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Human Nature And Modern Society

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Karl Marx was born in 1818 to a middle-class family in what was then called Prussia and pursued an academic career before pivoting to political journalism to advocate for revolutionary socialism. Almost thirty years later, Friedrich Nietzsche was born and also pursued an academic career at the University of Basel in Switzerland until he was enlisted to serve in the Prussian military shortly thereafter. He suffered from a number of physical ailments before succumbing to a complete mental breakdown in 1889. The two did not consider themselves to be sociologists, yet both developed significant sociological theories that continue to be discussed today. However, unlike Marx, Nietzsche is not considered to be part of the classical sociological canon but rather an influencer. Over the course of their lives and careers, they each developed distinct notions of human nature that would prove to be significant in affecting their other views of society. Both Marx’s conception of human nature that our species being is characterized by our distinctive productive capacities and Nietzsche’s belief that humans are naturally and fundamentally motivated by the will to power were employed to inform their critiques of modern society, specifically the alienation of labor and the bad conscience, respectively.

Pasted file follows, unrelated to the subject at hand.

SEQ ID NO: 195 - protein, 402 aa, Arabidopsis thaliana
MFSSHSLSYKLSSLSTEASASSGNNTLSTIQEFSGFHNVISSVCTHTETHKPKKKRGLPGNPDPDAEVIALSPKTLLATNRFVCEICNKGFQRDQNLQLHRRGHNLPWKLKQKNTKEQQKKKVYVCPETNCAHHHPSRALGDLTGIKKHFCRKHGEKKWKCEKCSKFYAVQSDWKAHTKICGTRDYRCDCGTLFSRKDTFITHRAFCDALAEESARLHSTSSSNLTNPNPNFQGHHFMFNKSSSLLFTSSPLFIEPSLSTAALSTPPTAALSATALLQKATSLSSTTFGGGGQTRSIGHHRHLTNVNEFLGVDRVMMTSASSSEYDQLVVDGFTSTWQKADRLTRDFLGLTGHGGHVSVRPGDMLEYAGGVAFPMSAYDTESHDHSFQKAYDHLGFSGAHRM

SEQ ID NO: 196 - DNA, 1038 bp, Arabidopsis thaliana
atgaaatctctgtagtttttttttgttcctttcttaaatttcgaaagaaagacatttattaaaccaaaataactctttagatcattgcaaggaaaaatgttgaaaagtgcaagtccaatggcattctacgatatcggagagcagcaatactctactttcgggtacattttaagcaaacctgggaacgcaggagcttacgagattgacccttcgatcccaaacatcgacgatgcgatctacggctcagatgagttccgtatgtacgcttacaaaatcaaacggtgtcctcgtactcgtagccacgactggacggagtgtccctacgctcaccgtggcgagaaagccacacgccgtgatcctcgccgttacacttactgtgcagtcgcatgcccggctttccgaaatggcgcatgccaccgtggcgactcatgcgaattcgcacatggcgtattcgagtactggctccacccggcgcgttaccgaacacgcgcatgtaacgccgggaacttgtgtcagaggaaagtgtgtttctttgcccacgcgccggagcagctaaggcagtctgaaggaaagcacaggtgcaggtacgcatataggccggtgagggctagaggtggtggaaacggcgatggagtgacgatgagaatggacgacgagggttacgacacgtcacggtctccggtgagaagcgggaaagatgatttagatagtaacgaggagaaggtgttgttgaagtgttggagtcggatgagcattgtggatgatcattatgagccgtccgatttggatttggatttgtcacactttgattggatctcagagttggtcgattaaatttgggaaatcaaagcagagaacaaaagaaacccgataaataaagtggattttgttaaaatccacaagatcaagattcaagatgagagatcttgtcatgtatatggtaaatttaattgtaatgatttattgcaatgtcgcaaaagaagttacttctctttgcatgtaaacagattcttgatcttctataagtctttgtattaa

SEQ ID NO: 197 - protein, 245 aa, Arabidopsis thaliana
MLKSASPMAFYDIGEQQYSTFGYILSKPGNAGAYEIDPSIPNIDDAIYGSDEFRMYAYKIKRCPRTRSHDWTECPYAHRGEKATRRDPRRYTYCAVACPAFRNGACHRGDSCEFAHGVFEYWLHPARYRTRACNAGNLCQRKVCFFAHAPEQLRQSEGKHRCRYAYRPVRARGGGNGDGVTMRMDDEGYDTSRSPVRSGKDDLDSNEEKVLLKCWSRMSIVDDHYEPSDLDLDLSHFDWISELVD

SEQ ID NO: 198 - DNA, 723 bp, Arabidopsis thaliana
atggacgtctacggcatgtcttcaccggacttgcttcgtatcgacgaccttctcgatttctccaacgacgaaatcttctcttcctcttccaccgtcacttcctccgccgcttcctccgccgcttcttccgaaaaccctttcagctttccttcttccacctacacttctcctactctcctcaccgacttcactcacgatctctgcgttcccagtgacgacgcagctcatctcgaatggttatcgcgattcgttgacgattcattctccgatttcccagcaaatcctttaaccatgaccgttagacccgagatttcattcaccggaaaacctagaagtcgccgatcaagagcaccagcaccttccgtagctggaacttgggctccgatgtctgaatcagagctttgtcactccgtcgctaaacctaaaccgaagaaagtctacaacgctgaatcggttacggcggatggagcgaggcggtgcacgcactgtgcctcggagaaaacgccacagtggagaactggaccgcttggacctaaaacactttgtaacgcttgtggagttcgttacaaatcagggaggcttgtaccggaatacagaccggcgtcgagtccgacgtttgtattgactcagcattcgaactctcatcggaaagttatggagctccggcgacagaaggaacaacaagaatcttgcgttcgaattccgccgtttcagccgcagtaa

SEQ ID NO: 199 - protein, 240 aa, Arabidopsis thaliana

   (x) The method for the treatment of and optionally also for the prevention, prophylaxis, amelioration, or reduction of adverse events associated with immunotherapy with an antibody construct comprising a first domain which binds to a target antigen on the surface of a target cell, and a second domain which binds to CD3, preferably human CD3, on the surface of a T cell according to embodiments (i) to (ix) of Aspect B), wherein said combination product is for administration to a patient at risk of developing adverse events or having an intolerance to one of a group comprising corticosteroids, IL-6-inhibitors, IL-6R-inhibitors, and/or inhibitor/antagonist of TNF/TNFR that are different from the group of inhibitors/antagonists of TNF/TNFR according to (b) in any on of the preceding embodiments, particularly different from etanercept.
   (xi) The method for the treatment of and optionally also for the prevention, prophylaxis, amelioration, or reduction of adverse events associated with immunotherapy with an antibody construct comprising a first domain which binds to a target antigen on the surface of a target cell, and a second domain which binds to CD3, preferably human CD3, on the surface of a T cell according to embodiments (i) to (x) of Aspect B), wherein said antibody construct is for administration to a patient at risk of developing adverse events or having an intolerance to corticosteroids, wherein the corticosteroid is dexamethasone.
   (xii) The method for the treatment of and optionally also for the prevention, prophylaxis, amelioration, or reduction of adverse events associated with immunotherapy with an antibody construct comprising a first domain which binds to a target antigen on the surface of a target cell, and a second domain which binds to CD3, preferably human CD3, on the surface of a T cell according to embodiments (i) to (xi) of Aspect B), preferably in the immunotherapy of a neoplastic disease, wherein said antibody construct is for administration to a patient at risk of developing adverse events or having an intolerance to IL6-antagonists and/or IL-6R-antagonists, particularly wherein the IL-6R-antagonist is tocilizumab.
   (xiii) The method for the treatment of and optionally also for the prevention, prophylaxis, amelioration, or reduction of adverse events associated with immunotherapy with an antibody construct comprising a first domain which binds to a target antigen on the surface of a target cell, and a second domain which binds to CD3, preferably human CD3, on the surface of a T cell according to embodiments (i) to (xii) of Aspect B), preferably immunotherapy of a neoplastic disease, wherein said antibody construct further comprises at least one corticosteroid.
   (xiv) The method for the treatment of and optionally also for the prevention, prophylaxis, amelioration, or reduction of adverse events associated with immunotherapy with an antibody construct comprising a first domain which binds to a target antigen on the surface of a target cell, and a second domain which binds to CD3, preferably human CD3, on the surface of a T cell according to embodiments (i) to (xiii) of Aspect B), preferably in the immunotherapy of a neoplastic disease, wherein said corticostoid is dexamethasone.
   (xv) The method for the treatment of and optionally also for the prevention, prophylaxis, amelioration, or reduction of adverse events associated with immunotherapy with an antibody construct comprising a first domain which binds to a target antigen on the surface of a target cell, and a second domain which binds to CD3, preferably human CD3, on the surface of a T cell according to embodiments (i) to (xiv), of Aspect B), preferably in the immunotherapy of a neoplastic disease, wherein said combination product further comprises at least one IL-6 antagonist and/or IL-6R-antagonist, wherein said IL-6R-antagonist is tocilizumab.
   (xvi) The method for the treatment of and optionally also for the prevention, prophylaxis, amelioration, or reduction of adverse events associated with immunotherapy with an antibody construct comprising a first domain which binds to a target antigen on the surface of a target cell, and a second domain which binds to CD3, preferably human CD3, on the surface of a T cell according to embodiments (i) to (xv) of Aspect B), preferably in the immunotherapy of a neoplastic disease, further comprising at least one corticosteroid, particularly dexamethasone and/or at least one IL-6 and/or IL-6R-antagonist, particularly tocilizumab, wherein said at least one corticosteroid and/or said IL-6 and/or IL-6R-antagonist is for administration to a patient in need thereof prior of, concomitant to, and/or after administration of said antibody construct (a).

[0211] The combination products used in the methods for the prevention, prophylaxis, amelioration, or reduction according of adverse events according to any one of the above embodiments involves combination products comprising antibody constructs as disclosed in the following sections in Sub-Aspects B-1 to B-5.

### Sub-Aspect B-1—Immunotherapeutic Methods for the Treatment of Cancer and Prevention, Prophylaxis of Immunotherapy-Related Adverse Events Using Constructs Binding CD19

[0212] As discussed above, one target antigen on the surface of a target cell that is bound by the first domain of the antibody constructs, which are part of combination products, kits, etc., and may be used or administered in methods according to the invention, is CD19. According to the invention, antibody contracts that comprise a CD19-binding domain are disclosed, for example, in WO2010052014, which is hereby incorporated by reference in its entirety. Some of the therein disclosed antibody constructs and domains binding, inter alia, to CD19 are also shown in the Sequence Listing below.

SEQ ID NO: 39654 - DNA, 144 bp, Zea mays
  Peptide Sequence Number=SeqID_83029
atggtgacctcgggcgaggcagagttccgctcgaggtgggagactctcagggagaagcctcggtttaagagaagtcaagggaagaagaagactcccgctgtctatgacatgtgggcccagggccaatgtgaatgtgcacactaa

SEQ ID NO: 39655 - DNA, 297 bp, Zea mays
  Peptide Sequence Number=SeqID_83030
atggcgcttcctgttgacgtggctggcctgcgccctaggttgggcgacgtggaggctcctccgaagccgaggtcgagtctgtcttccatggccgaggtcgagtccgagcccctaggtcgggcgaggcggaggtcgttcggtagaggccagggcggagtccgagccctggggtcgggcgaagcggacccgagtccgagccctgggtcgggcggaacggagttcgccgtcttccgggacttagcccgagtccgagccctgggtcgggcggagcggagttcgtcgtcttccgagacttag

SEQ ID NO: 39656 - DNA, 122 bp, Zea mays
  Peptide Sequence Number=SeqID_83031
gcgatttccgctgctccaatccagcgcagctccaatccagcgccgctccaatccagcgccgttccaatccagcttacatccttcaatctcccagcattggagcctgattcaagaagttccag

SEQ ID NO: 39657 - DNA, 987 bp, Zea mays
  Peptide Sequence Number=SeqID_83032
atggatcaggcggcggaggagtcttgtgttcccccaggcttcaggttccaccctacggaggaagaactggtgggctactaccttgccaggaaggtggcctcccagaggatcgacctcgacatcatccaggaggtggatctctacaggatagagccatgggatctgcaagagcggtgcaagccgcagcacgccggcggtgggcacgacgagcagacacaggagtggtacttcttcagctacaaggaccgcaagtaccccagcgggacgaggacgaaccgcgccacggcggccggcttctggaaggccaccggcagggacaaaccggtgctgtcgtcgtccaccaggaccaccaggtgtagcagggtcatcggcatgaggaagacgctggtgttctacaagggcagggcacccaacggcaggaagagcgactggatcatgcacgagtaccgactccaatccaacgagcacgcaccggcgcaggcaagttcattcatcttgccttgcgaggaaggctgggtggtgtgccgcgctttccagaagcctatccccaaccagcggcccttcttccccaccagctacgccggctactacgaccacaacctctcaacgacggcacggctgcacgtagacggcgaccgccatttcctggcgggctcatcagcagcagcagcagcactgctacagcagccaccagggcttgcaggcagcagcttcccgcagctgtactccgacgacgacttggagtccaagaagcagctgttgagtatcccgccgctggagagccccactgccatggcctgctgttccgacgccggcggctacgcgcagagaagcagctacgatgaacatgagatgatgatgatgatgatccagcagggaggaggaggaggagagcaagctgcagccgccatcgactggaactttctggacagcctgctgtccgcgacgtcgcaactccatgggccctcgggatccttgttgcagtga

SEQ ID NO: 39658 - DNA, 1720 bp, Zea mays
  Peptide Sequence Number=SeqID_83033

To begin with, Marx’s conception of human nature is actually that of a so-called species being, which is defined as the potentials and powers that are uniquely human and that distinguish humans from other species. Essentially, humans have this inherent need to create because they can only recognize their potential through conscious, productive activity, according to Marx (Tucker 1978:150). As such, humans are defined by how and what they produce, which intimately ties labor, or productive activity, to the concept of the species being. Labor allows individuals to express their creative potential by objectifying products of their imagination and transforming them into real physical objects. Gradually, basic material needs are met, and new needs are created, which leads to the propagation of ideas and the advancement of technology. Furthermore, social relations, or the division of labor, will change and adapt to these productive forces, causing people to enter into definite relations of production. The sum total of the relations of production constitutes the economic structure of society on which rises an ideological superstructure that corresponds to definite forms of social consciousness, further signifying the value of labor. Since Marx recognizes the importance of productivity to the concept of the species being, he is concerned with the alienation of labor that occurred under capitalism when people lost control over their own labor power and over the conditions and objects of their labor. He critiques the capitalist nature of modern society for allowing the distinguishing characteristic of human nature to reach this level of estrangement. Instead of leading to personal and spiritual fulfillment, work is where individuals feel the least human because they are alienated from their species being (Tucker 1978:77). Industrial capitalism, in particular, continues to displace more and more workers due to increased production, forcing laborers to become “appendages of the machine” (Tucker 1978:479). Therefore, Marx’s conception of human nature as a species being and his understanding that it is heavily reliant on productive activity informs his critique of modern capitalism and its contribution to the alienation of labor.